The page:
Bloki is a new hosted Web site development tool offering Web blog features and a Wiki. It offers a collaborative platform for disparate project teams that want a central repository for intrateam documentation and communications. Bloki authoring can be distributed across a project team, because no HTML or other coding skills are required. A central project Web site provides the project team with a repository that makes project information available to all team members.
Signing up for Bloki
You can sign up for a free Bloki membership at the Bloki Web site. The administrator should handle the setup, because your Bloki site will be sitename.bloki.com.
Editing an existing Web page with Bloki
You create a new site after signing in to Bloki. This results in a default Web page (Figure A) appearing at your URL. You can modify this Web page by selecting Edit from the Page menu. With the proper access, you can add the following formats and features to a Web page:
- Bold, italics, underlining, strikethrough, subscript, and superscript
- Ordered list, bulleted list
- Decreased indent, increased indent
- Font color, background color
- Horizontal rules
- Web links
- Page annotations
All of these options are available from a common toolbar familiar to anybody who has used a word processor or GUI-based tool such as FrontPage.
|Bloki default Web page|
After editing an existing Bloki page, you must save your work by choosing from Bloki's Page menu. Optionally, you can choose Save As to save the Web page under another filename.
Creating new Web pages
After signing up for Bloki, you have the privileges to author within the Bloki environment. Creating Bloki Web pages is much like using a word processor or a Web-based blogging application. To create a Web page with Bloki, go to Page | New. This will open a blank Web page in Bloki, as shown in Figure B.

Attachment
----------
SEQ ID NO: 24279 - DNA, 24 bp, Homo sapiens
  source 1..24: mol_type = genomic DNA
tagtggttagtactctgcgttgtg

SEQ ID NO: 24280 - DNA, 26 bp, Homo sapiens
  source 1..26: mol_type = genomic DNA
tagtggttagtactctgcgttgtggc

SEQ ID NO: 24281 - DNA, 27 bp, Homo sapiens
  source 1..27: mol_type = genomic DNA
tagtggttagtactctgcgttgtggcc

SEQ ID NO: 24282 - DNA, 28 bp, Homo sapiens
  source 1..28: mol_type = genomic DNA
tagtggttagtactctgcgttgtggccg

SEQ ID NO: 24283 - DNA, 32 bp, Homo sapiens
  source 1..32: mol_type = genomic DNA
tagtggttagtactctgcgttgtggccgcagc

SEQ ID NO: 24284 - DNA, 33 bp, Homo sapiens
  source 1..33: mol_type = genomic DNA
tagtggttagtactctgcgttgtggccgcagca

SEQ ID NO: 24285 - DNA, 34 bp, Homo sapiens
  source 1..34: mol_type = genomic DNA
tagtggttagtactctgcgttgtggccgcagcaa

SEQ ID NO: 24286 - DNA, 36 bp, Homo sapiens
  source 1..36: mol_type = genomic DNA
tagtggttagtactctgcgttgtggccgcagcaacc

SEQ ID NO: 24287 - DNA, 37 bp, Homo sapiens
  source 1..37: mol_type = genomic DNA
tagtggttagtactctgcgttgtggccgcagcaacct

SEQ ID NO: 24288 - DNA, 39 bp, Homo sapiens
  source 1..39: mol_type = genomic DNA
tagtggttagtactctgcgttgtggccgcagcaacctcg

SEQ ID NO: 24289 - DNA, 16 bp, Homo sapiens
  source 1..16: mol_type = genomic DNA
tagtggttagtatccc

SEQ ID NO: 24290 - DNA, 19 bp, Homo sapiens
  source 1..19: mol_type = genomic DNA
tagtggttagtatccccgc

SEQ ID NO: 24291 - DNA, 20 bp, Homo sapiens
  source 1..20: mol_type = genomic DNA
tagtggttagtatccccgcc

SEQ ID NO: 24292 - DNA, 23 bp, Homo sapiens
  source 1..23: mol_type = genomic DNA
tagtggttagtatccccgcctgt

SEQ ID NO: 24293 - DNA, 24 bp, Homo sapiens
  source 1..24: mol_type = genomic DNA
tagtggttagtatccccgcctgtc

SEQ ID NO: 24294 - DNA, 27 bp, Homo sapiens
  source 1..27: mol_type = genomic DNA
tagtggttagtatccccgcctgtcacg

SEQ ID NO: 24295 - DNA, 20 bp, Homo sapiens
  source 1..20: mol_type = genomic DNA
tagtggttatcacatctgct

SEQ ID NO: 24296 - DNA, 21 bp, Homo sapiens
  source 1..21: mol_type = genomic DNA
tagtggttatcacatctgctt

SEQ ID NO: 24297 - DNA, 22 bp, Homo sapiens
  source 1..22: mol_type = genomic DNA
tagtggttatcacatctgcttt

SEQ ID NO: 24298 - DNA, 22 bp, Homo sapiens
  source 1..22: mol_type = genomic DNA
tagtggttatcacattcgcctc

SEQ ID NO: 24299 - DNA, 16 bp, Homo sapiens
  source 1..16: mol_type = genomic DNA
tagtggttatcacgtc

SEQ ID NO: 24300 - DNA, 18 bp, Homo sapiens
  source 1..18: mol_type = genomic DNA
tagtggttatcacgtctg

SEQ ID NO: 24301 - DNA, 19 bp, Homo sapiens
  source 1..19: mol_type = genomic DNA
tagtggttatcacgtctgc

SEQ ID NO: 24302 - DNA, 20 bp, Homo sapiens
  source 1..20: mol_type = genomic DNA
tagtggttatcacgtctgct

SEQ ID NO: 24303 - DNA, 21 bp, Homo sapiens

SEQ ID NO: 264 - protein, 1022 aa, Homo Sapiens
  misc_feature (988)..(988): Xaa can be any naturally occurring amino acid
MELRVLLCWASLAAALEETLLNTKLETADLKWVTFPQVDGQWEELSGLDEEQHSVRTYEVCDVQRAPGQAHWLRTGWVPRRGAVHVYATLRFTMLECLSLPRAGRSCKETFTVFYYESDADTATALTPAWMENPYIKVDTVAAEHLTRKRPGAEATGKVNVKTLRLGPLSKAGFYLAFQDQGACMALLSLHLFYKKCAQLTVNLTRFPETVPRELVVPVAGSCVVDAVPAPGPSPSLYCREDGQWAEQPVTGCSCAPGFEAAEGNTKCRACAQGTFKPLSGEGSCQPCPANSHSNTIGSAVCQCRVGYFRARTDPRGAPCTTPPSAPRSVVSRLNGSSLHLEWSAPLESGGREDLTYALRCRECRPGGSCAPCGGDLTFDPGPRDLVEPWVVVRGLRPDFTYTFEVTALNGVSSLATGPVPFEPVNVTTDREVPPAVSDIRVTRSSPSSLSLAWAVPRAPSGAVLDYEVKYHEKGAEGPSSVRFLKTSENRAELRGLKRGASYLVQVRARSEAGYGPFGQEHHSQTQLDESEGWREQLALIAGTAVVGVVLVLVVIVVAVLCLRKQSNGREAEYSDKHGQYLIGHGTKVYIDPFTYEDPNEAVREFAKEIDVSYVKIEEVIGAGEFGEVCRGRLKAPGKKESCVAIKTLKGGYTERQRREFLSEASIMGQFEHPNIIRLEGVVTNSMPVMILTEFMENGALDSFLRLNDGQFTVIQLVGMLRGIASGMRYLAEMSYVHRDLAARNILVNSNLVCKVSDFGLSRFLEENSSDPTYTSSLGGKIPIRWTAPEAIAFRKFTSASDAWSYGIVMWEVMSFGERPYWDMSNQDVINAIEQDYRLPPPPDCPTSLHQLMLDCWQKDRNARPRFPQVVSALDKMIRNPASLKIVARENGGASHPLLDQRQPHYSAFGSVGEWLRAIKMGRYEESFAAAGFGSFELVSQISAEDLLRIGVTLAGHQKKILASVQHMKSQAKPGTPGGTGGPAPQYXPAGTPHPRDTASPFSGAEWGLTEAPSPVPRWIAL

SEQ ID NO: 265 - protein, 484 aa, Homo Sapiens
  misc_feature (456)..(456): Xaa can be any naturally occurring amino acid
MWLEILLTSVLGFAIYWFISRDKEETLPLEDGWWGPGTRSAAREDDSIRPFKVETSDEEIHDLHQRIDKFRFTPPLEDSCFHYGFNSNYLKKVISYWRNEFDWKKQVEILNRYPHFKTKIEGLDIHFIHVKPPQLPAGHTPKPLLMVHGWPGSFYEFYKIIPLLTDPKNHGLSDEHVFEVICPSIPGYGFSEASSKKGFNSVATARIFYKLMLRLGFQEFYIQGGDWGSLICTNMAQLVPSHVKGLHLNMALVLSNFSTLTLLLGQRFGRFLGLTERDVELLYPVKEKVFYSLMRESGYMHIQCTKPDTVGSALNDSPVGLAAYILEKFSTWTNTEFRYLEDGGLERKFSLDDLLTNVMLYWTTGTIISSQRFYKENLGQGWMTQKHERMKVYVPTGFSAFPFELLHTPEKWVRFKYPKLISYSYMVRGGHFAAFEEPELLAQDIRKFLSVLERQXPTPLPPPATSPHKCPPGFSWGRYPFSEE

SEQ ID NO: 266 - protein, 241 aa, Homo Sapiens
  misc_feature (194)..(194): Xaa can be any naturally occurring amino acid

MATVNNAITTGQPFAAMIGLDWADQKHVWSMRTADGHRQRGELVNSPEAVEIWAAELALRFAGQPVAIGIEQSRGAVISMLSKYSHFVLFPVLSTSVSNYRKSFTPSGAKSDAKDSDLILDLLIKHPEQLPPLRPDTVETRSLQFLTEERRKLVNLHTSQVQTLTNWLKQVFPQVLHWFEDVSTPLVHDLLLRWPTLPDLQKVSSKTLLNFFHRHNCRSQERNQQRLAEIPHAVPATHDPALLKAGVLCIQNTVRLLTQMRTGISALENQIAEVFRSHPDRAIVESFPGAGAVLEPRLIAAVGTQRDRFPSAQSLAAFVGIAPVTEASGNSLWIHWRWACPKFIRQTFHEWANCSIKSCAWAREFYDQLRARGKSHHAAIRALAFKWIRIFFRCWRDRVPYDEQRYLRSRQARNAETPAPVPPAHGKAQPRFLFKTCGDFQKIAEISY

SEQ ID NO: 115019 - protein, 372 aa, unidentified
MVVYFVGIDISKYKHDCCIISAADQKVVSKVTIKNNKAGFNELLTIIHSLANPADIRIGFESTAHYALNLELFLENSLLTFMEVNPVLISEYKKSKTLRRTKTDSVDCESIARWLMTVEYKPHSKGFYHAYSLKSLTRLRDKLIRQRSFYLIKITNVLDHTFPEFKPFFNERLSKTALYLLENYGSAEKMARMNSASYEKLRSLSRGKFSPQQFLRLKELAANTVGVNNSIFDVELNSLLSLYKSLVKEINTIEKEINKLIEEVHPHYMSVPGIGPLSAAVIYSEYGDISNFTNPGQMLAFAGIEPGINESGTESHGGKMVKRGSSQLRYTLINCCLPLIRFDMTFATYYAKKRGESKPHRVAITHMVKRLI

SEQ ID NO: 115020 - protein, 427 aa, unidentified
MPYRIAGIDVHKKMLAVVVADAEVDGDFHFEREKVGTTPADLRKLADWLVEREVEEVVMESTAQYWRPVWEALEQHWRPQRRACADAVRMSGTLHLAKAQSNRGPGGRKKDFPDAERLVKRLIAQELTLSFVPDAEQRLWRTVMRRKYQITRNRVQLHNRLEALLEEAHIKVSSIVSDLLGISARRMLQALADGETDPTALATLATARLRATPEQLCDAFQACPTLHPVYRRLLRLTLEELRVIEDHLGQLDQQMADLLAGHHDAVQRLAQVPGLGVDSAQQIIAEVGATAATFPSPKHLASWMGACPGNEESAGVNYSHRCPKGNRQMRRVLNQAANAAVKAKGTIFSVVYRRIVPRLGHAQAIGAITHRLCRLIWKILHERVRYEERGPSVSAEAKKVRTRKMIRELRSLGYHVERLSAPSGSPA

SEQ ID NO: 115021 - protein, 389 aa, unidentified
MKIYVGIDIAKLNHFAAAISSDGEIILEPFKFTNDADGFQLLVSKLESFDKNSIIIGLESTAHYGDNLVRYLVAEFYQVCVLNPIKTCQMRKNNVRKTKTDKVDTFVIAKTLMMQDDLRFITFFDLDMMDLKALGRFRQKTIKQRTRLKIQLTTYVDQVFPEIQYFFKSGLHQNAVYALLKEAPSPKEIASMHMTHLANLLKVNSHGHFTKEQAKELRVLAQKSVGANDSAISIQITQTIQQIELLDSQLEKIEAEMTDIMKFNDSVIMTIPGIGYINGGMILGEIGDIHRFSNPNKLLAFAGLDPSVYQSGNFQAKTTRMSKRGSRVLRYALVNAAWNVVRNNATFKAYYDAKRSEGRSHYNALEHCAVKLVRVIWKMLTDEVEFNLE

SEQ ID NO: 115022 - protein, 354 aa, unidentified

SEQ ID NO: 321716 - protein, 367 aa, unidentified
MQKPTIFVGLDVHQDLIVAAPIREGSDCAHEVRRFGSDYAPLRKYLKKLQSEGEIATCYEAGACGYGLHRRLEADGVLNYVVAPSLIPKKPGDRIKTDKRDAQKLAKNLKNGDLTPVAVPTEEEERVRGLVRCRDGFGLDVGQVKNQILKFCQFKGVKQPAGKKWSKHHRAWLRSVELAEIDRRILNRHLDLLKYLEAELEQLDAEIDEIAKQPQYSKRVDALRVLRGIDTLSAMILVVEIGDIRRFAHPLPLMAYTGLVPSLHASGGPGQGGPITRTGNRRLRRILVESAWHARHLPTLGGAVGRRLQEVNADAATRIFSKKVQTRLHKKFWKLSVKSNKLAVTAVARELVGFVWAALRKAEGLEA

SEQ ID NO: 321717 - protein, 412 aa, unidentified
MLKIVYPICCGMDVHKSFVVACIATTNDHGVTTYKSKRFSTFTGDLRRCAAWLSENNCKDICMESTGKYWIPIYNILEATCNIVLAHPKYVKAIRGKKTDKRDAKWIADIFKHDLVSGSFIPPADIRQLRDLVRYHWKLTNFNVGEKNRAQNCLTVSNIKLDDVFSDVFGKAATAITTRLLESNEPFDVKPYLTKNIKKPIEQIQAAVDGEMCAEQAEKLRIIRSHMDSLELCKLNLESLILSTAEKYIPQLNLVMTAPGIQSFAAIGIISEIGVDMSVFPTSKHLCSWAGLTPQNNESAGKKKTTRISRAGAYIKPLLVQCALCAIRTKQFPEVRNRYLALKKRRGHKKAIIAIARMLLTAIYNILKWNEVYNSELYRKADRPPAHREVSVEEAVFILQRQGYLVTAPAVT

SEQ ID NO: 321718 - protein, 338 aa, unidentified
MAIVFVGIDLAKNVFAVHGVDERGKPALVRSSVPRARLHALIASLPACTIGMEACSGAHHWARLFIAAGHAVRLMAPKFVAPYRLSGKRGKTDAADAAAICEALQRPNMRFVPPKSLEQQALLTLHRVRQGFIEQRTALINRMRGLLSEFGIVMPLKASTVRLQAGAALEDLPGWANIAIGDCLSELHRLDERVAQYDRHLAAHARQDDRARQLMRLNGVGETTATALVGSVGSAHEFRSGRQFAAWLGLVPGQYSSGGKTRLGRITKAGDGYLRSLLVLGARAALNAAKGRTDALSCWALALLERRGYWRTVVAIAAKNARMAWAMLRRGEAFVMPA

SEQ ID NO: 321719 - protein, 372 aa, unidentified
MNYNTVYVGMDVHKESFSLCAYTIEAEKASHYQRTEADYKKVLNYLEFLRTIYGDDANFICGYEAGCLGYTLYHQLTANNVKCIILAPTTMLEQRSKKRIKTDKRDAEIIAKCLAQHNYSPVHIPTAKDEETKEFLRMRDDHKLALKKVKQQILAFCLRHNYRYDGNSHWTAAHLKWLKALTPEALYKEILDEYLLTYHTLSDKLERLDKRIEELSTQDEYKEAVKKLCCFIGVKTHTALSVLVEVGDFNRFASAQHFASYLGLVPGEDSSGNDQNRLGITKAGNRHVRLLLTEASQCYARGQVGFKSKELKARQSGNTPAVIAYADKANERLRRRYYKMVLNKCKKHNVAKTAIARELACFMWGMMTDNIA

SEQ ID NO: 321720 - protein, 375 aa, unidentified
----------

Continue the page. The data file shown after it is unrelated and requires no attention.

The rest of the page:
|Creating a new, blank Web page|
Blogging via Bloki
Bloki includes a Web logging feature with output. Figure C shows the Web log tool.
|Bloki Web log tool|
The Bloki Web log component provides a familiar toolset. The Web log element of a project Web site plays an important role by providing:
- Up-to-date news on project developments
- A Central repository for companywide and client-specific news affecting the project team's development efforts
- Information about and links to the latest software build
Project documentation and Bloki
Although Bloki is a third-party hosted application, it doesn't include storage space for project documentation authored in Microsoft Office, Adobe Acrobat, or other application-specific formats. If you are planning to use Bloki as a project Web site platform and need to include other documentation, internal corporate server space will be required. Linking to project documentation hosted on an internal server from a third-party site like Bloki means you'll need to get the neighborhood IT department involved.
Securing a Bloki project Web site
You may not want the outside world to be privy to the content appearing on a project Web site, so security is an important concern. One of the main reasons to go to a tool like Bloki is to enable secure collaboration with minimal organizational output. Bloki includes the following access levels for a site:
- None (nonmembers)—View only Bloki's public pages
- ViewNotes—Members can view the text of pop-up notes
- Read—Members can view Bloki's private pages
- Edit—Members can create, edit, annotate, and delete Bloki pages
- Admin—Members can unlock pages, view page histories, add and remove members, and change permissions
These rights are granted via a Web-based user interface, shown in Figure D.
|Web-based security interface|
Clearly, Bloki has some appealing features. But the fact that it is a hosted application could be a detractor for your organization due to security or other business issues. If so, take heart: An enterprise version of Bloki is under development for installation behind the corporate firewall.com.